My hon. Friend is right to say that there are concerns about how those who are bringing forward renewable projects can get access to the grid and the transmission system. We have asked Ofgem to look at the problem: it is coming forward with proposals and we are looking to have a consultation sometime in December. In the immediate term, however, we have made it clear that we want provision to be made for connect and manage, which basically means that new projects can be brought on to the transmission system. Although the system has not been fully upgraded, it can be managed so that we can get some of the new projects on it.
We have also asked Ofgem to look at how the various cases and applications coming forward can be prioritised, and at whether some will actually be delivered. We know that some will not, so we need to prioritise those that are likely to be delivered and make sure that we get them on to the transmission system more quickly and at an earlier date.
The Government have already made it absolutely clear that energy from waste systems is part of the waste treatment facilities that this country needs. Private finance credits worth £2 billion are available for the development of more waste infrastructure, and some of the facilities will indeed be energy-from-waste plants. The hon. Lady is right to say that there is a short-term problem with the accumulation of recyclables because of the economic downturn, but we expect that to be dealt with over time. This is not the time for us to begin to discontinue our recycling effort—we must recycle because that saves new resources being used. She is right that getting energy from waste can be one of the solutions to recycling, but it is not the only one. We still need plants that recycle waste and the new developments in recycling plants, especially for plastics, will help to resolve some of the problems.
I would appreciate it if one of the energy and climate change team would state clearly and boldly that biofuels are essential if we are to achieve our emissions targets. Will one of them visit the biofuels companies and farmers in the north-east? I should greatly appreciate that, as sustainable and innovative food and fuel projects are being developed that are receiving millions of pounds in investment.
I will definitely volunteer one of my Ministers, or myself, to visit my hon. Friend’s constituency. That is something to look forward to, but she raises an important point about biofuels. We are trying to get a provision in the 2020 EU directive for indirect land use in respect of biofuels, to ensure their sustainability. The Government believe that biofuels can play a role in our energy mix, but that we need to be careful that they are produced in a sustainable way. That is the right approach, and it is the basis on which we shall proceed.
The answer to the right hon. Gentleman’s first question is clear: actually, our prices are lower than the EU average for the individual consumer. Historically, that has been the case. As was said by my hon. and learned Friend the Minister of State, we are more subject to ups and downs in the market price. If the right hon. Gentleman does not like the market system that was introduced in the 1980s and 1990s, he can say so, but the most important thing that we can do, given the system that we have, is first to look at the system to make sure that it is the right one—we will do that—and secondly to put all necessary pressure on the energy companies to lower their prices. That is what we did four weeks ago, and that is what I will do at my meeting with the energy companies on Monday. I shall report back to the House on those discussions.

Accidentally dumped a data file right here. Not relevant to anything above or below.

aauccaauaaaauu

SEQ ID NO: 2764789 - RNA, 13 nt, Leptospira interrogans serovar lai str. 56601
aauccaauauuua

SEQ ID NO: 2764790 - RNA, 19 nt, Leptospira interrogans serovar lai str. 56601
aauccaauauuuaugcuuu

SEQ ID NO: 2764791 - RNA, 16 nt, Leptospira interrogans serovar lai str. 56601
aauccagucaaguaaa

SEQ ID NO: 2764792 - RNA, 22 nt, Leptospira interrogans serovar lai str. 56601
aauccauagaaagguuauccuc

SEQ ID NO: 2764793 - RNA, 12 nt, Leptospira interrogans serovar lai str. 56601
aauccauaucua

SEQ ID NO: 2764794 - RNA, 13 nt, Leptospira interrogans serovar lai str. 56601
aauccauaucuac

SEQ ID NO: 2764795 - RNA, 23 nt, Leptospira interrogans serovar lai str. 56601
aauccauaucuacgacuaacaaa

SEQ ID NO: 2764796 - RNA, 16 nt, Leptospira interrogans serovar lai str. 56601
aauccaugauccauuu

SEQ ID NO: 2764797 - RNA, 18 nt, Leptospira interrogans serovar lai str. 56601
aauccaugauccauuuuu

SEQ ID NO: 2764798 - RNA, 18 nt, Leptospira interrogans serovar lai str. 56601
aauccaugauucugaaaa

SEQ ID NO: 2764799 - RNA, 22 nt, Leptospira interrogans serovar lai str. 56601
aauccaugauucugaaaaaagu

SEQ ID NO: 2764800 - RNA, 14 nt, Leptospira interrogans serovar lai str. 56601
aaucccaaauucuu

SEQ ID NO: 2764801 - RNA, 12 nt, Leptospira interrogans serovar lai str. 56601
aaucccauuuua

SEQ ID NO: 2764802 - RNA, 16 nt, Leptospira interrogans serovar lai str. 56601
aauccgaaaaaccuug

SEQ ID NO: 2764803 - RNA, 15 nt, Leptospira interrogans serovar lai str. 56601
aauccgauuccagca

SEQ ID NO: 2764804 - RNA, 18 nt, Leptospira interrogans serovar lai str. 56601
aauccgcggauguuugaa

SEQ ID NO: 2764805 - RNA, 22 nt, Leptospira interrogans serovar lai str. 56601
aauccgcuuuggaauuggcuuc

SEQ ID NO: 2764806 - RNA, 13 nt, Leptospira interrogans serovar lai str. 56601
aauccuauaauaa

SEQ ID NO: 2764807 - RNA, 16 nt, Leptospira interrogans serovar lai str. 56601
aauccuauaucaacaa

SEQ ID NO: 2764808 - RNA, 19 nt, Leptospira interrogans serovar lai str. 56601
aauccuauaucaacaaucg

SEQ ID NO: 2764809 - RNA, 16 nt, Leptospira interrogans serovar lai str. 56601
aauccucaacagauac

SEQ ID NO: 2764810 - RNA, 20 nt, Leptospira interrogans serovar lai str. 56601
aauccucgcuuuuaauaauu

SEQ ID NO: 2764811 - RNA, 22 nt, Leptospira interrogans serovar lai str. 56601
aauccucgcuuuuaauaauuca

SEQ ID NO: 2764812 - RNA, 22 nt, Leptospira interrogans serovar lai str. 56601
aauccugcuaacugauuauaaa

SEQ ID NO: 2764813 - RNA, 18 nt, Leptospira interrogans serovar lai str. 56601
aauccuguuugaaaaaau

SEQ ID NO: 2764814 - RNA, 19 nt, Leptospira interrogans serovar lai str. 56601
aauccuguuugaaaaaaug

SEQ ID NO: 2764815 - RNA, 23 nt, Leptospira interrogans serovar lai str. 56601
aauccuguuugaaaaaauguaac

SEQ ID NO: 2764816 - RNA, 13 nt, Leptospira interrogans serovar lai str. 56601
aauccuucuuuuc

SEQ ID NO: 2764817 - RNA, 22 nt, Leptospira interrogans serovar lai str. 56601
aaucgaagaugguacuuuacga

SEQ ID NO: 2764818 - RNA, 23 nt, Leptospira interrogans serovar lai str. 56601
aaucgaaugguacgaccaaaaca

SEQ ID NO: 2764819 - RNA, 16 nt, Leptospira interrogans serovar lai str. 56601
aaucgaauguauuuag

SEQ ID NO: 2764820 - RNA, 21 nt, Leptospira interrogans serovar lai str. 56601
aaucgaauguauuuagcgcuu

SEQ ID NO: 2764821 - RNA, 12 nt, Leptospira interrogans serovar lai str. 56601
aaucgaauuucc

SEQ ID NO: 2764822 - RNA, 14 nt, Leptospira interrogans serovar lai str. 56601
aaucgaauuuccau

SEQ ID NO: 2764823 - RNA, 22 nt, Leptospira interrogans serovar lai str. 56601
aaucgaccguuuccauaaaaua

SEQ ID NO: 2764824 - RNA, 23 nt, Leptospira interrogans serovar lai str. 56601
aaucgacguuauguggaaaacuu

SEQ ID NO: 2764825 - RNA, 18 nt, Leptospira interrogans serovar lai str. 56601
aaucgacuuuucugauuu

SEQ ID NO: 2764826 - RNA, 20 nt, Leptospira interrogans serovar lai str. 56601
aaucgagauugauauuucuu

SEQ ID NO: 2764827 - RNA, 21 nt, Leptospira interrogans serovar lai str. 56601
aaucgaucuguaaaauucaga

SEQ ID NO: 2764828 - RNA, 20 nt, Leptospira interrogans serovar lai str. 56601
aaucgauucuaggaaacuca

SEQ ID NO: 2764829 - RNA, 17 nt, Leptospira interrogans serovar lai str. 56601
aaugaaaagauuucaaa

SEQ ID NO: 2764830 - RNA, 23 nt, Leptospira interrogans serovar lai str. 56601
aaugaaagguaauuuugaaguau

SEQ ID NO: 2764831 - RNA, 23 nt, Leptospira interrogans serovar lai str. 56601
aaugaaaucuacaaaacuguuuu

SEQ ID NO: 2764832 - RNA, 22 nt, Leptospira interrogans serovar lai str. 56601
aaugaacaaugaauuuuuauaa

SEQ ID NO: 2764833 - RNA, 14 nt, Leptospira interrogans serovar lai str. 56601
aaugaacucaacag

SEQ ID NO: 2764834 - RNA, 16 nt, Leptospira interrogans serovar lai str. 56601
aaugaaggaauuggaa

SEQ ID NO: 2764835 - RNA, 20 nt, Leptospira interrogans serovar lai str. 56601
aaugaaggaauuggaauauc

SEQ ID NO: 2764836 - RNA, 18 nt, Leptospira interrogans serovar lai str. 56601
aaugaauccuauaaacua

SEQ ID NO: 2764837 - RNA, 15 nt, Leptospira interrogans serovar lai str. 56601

My hon. and learned Friend the Minister of State and I recently attended a reception where there was a demonstration of technology that can be retrofitted to coal-fired power stations to reduce their CO2 emissions by 50 per cent. That would enable coal-fired power stations to be kept in use after 2015, and will reduce our carbon emissions greatly. The technology was developed by British Coal, and it was called the topping cycle at the time. Incidentally, the funding for that topping cycle was abolished by the Conservative Government in 1988. It is ironic that that technology is now being used to reduce carbon emissions. Will my hon. and learned Friend urge the energy generators seriously to consider fitting that technology to existing coal-fired power stations?
Certainly, my hon. Friend and I attended a meeting where that new technology was discussed. A whole range of new ideas is coming forward from those who want to ensure that we get cleaner coal. One of the ideas brought forward was the one that we discussed the other day. I very much hope that the energy companies will look into such new projects, and run them alongside carbon capture and storage, so that we can ensure a future for clean-coal technology. We know that the Opposition—the Conservatives, at least—take the view that coal does not really have a role unless new technology is delivered in exactly the way that they want. We say that there is a range of ideas out there, and we want to see those ideas develop. We want generators to consider them, so that we get security, as 30 per cent., and at certain times in the year 50 per cent., of our energy comes from coal—
Order. I call Mr. Peter Lilley.
Why do I sometimes feel that I am being patronised? What I say to the right hon. Gentleman is that we are determined to meet our targets on climate change emissions, and we will do so. We are also determined to meet our ambitions on security of supply, to ensure that we keep the lights on. I am convinced that we can do both. The question about coal-fired power stations is: how quickly can we get carbon capture and storage attached to new coal-fired power stations? The Opposition have said that there should be no new coal-fired power stations unless CCS can be fitted immediately. We take a less dogmatic position; we ask how quickly we can ensure that carbon capture and storage can be attached to coal-fired power stations. That is what we are considering at the moment.